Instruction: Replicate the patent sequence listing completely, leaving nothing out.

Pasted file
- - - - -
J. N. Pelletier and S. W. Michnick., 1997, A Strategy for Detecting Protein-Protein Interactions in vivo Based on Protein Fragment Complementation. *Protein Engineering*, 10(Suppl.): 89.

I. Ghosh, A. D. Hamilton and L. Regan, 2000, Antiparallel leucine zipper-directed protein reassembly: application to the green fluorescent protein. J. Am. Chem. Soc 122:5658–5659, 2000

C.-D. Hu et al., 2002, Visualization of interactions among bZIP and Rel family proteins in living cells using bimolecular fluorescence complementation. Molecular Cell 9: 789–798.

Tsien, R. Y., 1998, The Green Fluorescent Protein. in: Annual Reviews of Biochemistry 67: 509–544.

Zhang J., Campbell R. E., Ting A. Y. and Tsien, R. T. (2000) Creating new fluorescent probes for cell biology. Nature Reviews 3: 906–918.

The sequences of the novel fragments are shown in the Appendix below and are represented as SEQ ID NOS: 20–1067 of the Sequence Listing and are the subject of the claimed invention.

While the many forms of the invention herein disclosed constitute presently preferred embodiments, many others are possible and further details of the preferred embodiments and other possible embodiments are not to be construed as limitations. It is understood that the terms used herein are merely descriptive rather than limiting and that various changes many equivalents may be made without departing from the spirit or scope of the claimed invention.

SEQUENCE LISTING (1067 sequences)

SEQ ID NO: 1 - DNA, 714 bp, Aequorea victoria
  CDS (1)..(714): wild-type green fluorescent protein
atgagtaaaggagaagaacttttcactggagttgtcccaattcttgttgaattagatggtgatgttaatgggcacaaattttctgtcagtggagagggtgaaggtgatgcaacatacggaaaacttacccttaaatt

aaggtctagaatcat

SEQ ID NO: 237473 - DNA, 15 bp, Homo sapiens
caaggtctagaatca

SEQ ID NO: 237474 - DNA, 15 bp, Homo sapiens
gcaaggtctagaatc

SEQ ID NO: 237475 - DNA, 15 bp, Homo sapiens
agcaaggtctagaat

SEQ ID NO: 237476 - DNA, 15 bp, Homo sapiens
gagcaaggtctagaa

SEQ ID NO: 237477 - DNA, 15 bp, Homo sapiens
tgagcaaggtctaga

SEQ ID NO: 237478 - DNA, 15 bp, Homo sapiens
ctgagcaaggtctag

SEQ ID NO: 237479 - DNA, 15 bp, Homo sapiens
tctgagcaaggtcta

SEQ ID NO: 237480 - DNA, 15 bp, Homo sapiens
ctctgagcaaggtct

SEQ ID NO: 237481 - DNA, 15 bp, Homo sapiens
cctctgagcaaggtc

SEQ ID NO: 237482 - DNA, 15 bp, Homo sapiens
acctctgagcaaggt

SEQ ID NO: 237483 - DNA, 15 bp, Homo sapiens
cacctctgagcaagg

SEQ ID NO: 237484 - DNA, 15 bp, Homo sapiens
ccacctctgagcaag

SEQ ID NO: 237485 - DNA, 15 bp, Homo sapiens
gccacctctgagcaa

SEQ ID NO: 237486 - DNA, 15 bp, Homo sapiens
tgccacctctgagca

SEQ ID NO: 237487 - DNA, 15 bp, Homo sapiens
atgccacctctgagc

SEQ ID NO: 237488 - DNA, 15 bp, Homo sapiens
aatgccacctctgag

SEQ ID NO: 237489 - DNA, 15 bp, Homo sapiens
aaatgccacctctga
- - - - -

J. N. Pelletier and S. W. Michnick., 1997, A Strategy for Detecting Protein-Protein Interactions in vivo Based on Protein Fragment Complementation. *Protein Engineering*, 10(Suppl.): 89.

I. Ghosh, A. D. Hamilton and L. Regan, 2000, Antiparallel leucine zipper-directed protein reassembly: application to the green fluorescent protein. J. Am. Chem. Soc 122:5658–5659, 2000

C.-D. Hu et al., 2002, Visualization of interactions among bZIP and Rel family proteins in living cells using bimolecular fluorescence complementation. Molecular Cell 9: 789–798.

Tsien, R. Y., 1998, The Green Fluorescent Protein. in: Annual Reviews of Biochemistry 67: 509–544.

Zhang J., Campbell R. E., Ting A. Y. and Tsien, R. T. (2000) Creating new fluorescent probes for cell biology. Nature Reviews 3: 906–918.

The sequences of the novel fragments are shown in the Appendix below and are represented as SEQ ID NOS: 20–1067 of the Sequence Listing and are the subject of the claimed invention.

While the many forms of the invention herein disclosed constitute presently preferred embodiments, many others are possible and further details of the preferred embodiments and other possible embodiments are not to be construed as limitations. It is understood that the terms used herein are merely descriptive rather than limiting and that various changes many equivalents may be made without departing from the spirit or scope of the claimed invention.

SEQUENCE LISTING (1067 sequences)

SEQ ID NO: 1 - DNA, 714 bp, Aequorea victoria
  CDS (1)..(714): wild-type green fluorescent protein
atgagtaaaggagaagaacttttcactggagttgtcccaattcttgttgaattagatggtgatgttaatgggcacaaattttctgtcagtggagagggtgaaggtgatgcaacatacggaaaacttacccttaaatt

aaggtctagaatcat

SEQ ID NO: 237473 - DNA, 15 bp, Homo sapiens
caaggtctagaatca

SEQ ID NO: 237474 - DNA, 15 bp, Homo sapiens
gcaaggtctagaatc

SEQ ID NO: 237475 - DNA, 15 bp, Homo sapiens
agcaaggtctagaat

SEQ ID NO: 237476 - DNA, 15 bp, Homo sapiens
gagcaaggtctagaa

SEQ ID NO: 237477 - DNA, 15 bp, Homo sapiens
tgagcaaggtctaga

SEQ ID NO: 237478 - DNA, 15 bp, Homo sapiens
ctgagcaaggtctag

SEQ ID NO: 237479 - DNA, 15 bp, Homo sapiens
tctgagcaaggtcta

SEQ ID NO: 237480 - DNA, 15 bp, Homo sapiens
ctctgagcaaggtct

SEQ ID NO: 237481 - DNA, 15 bp, Homo sapiens
cctctgagcaaggtc

SEQ ID NO: 237482 - DNA, 15 bp, Homo sapiens
acctctgagcaaggt

SEQ ID NO: 237483 - DNA, 15 bp, Homo sapiens
cacctctgagcaagg

SEQ ID NO: 237484 - DNA, 15 bp, Homo sapiens
ccacctctgagcaag

SEQ ID NO: 237485 - DNA, 15 bp, Homo sapiens
gccacctctgagcaa

SEQ ID NO: 237486 - DNA, 15 bp, Homo sapiens
tgccacctctgagca

SEQ ID NO: 237487 - DNA, 15 bp, Homo sapiens
atgccacctctgagc

SEQ ID NO: 237488 - DNA, 15 bp, Homo sapiens
aatgccacctctgag

SEQ ID NO: 237489 - DNA, 15 bp, Homo sapiens
aaatgccacctctga